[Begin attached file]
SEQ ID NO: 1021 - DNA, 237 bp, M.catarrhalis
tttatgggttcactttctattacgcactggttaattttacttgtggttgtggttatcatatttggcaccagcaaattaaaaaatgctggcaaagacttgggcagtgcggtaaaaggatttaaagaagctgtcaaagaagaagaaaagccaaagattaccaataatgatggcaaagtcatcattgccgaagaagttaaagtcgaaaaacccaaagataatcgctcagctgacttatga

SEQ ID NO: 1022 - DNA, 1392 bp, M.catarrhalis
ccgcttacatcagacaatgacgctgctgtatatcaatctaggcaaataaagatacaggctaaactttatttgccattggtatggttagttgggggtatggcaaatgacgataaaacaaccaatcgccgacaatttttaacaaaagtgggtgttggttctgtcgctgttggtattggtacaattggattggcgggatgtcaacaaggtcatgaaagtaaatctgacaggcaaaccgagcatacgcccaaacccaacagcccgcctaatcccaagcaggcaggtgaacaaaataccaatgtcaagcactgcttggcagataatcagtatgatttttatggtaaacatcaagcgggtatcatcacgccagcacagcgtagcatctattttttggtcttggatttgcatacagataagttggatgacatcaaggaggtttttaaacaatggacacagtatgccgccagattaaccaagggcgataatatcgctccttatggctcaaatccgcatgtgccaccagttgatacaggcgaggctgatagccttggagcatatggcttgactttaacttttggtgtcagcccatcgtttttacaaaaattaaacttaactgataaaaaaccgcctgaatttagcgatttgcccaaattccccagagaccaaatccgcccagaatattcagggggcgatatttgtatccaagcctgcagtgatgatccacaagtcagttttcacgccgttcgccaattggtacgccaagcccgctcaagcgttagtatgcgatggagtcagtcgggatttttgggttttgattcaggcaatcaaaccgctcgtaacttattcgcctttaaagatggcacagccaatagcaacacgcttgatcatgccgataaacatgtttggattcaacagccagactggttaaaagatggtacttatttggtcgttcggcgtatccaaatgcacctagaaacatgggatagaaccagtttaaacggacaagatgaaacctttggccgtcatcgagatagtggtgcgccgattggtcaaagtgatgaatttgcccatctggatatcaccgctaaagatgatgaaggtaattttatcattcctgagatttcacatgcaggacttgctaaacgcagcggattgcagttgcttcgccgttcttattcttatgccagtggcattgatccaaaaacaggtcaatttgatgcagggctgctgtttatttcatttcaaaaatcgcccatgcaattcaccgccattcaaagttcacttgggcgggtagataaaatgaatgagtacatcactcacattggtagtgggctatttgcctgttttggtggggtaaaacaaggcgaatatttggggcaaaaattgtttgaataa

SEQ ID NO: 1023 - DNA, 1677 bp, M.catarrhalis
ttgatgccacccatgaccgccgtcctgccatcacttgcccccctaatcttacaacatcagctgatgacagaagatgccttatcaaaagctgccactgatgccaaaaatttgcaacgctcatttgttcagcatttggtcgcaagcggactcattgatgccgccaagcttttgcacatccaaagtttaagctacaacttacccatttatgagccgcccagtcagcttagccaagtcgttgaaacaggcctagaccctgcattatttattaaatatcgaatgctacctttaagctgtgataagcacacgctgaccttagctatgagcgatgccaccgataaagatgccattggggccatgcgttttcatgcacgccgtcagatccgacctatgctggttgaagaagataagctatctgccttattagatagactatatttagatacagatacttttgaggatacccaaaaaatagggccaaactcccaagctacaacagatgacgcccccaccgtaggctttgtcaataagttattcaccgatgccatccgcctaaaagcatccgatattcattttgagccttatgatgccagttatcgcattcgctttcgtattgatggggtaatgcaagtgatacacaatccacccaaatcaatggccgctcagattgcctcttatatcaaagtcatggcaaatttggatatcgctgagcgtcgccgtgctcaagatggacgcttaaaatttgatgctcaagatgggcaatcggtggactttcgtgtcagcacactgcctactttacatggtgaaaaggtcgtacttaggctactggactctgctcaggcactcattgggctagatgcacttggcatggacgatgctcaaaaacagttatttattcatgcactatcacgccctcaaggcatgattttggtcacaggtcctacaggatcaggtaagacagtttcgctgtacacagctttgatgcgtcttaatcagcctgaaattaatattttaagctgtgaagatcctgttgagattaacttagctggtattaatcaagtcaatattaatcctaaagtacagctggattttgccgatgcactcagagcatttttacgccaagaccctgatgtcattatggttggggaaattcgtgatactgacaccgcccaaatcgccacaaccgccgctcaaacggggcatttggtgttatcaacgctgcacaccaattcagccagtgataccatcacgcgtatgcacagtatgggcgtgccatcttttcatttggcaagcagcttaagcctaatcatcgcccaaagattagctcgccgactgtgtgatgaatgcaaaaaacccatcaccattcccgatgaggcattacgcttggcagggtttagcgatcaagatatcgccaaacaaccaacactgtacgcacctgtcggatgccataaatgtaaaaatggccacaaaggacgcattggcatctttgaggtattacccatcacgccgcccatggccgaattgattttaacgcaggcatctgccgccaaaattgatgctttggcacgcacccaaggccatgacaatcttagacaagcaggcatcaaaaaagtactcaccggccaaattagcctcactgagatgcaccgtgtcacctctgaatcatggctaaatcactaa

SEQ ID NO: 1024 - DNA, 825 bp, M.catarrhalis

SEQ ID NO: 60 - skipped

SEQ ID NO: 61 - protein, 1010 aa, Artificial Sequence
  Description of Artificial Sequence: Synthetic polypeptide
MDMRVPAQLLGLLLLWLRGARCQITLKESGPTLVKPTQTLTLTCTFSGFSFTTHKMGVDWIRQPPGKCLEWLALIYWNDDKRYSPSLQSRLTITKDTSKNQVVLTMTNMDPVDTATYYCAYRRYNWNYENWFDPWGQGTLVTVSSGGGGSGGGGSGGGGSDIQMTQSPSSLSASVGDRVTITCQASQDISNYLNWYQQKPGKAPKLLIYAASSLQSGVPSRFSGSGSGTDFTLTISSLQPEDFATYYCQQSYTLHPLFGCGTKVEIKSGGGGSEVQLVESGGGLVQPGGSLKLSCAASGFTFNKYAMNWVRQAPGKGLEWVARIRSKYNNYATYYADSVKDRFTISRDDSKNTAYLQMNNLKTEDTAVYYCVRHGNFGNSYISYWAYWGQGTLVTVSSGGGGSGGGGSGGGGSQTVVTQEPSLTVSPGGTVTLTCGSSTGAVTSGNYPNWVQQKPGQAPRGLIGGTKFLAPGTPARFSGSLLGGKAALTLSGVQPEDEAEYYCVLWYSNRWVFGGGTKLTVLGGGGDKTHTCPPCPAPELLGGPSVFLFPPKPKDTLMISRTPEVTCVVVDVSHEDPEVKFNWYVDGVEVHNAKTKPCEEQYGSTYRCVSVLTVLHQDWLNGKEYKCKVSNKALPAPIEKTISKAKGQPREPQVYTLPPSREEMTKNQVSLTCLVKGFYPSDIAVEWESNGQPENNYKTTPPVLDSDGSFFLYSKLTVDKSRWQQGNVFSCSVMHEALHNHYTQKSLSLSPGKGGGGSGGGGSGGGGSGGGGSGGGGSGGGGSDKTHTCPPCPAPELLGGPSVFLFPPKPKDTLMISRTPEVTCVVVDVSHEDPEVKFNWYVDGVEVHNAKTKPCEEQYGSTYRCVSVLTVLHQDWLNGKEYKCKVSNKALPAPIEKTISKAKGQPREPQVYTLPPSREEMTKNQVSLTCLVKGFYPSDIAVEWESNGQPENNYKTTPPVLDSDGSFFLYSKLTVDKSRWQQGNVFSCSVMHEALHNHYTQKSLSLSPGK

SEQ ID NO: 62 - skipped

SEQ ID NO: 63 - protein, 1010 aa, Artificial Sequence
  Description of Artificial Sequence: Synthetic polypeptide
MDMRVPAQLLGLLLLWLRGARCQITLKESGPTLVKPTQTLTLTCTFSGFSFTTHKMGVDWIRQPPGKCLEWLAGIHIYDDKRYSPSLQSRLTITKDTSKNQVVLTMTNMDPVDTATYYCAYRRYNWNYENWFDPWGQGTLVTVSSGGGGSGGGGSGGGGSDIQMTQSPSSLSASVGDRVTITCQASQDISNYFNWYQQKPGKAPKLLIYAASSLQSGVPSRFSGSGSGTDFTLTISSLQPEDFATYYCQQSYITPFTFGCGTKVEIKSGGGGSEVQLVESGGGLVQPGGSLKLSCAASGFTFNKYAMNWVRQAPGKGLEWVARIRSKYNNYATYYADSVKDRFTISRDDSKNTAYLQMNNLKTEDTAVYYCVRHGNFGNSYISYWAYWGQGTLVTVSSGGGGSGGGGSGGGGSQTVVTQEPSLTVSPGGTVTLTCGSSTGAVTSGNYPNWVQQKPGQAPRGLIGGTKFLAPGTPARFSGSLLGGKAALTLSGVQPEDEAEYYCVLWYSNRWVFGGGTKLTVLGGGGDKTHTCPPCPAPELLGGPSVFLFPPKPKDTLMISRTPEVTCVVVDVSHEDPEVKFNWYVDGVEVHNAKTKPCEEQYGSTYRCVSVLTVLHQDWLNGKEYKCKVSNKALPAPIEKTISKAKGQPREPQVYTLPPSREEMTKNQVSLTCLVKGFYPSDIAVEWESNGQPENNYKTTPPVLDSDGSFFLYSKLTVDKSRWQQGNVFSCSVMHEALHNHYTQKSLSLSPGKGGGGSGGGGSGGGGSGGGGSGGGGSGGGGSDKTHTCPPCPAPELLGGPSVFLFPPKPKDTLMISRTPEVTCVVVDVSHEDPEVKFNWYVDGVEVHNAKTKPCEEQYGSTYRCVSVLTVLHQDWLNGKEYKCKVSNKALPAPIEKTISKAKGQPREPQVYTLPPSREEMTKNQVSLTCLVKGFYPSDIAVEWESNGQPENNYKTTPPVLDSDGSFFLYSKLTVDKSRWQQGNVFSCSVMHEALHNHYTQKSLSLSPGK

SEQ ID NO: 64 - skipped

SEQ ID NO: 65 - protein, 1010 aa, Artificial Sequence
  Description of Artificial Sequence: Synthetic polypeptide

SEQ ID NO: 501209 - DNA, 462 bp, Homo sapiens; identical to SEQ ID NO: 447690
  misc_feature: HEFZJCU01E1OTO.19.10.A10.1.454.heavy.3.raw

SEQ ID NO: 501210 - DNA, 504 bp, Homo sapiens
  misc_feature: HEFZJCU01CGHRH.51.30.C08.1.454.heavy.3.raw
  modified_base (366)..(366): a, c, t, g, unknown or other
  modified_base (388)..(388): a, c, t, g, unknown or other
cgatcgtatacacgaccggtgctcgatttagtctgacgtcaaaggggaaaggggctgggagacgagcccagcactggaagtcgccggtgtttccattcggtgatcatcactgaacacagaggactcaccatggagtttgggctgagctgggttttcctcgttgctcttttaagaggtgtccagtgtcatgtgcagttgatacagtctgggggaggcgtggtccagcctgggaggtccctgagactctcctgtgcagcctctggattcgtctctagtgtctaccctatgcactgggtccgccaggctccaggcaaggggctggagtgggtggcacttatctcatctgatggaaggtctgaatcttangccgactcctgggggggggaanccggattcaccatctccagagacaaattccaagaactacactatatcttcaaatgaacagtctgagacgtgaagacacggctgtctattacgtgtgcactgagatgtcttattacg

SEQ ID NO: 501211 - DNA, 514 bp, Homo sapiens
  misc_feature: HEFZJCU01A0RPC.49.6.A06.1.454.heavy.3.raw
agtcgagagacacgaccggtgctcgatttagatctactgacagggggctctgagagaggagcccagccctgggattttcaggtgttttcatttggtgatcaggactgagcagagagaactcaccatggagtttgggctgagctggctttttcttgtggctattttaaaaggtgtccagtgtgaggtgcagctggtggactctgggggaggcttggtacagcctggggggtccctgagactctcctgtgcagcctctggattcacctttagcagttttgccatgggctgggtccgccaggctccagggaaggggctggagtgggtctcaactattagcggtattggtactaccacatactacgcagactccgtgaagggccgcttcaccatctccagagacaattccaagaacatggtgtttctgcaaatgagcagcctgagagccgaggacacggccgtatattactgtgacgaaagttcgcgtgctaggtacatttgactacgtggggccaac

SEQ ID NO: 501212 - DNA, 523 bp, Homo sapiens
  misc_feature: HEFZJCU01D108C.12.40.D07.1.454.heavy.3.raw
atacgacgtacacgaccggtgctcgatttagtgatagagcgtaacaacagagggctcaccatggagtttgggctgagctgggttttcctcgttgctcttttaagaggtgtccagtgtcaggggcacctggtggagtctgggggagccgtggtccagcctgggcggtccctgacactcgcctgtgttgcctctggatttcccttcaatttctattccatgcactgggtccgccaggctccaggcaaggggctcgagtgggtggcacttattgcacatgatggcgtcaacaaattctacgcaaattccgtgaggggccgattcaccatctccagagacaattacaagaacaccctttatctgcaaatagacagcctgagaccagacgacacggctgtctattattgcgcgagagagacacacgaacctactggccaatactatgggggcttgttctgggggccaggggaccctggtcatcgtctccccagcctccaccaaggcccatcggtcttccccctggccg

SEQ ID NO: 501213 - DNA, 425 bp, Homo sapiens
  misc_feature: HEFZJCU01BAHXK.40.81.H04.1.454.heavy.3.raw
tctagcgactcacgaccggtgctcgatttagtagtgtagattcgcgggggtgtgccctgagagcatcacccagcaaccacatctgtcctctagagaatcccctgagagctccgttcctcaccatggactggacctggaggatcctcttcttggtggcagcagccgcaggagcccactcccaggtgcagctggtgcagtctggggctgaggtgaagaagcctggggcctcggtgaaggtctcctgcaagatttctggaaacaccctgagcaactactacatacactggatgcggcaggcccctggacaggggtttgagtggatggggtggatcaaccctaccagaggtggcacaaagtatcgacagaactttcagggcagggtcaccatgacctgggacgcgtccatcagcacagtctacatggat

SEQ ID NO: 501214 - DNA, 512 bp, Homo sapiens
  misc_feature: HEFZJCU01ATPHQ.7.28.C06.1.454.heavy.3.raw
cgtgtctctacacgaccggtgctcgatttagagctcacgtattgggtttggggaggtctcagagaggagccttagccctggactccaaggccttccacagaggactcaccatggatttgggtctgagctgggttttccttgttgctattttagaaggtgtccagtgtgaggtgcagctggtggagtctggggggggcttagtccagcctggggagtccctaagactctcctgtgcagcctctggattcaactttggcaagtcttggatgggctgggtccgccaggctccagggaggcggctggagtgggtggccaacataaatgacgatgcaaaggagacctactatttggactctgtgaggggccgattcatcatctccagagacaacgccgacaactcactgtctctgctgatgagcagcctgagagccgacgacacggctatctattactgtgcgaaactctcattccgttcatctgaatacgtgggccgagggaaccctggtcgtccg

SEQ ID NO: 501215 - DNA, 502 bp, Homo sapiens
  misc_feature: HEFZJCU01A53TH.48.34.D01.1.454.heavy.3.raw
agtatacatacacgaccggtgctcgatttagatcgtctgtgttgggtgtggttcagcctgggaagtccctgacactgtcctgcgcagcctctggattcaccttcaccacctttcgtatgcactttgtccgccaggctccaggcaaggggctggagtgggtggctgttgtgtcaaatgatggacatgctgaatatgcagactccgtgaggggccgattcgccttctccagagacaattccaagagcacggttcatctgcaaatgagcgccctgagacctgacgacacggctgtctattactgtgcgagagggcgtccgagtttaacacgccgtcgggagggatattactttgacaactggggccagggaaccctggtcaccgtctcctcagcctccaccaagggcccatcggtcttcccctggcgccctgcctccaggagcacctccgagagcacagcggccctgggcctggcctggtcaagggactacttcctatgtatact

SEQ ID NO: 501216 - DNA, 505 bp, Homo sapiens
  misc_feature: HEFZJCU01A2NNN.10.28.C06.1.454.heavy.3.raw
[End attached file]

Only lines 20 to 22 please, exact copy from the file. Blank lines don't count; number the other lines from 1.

  misc_feature: HEFZJCU01E1OTO.19.10.A10.1.454.heavy.3.raw

SEQ ID NO: 501210 - DNA, 504 bp, Homo sapiens
  misc_feature: HEFZJCU01CGHRH.51.30.C08.1.454.heavy.3.raw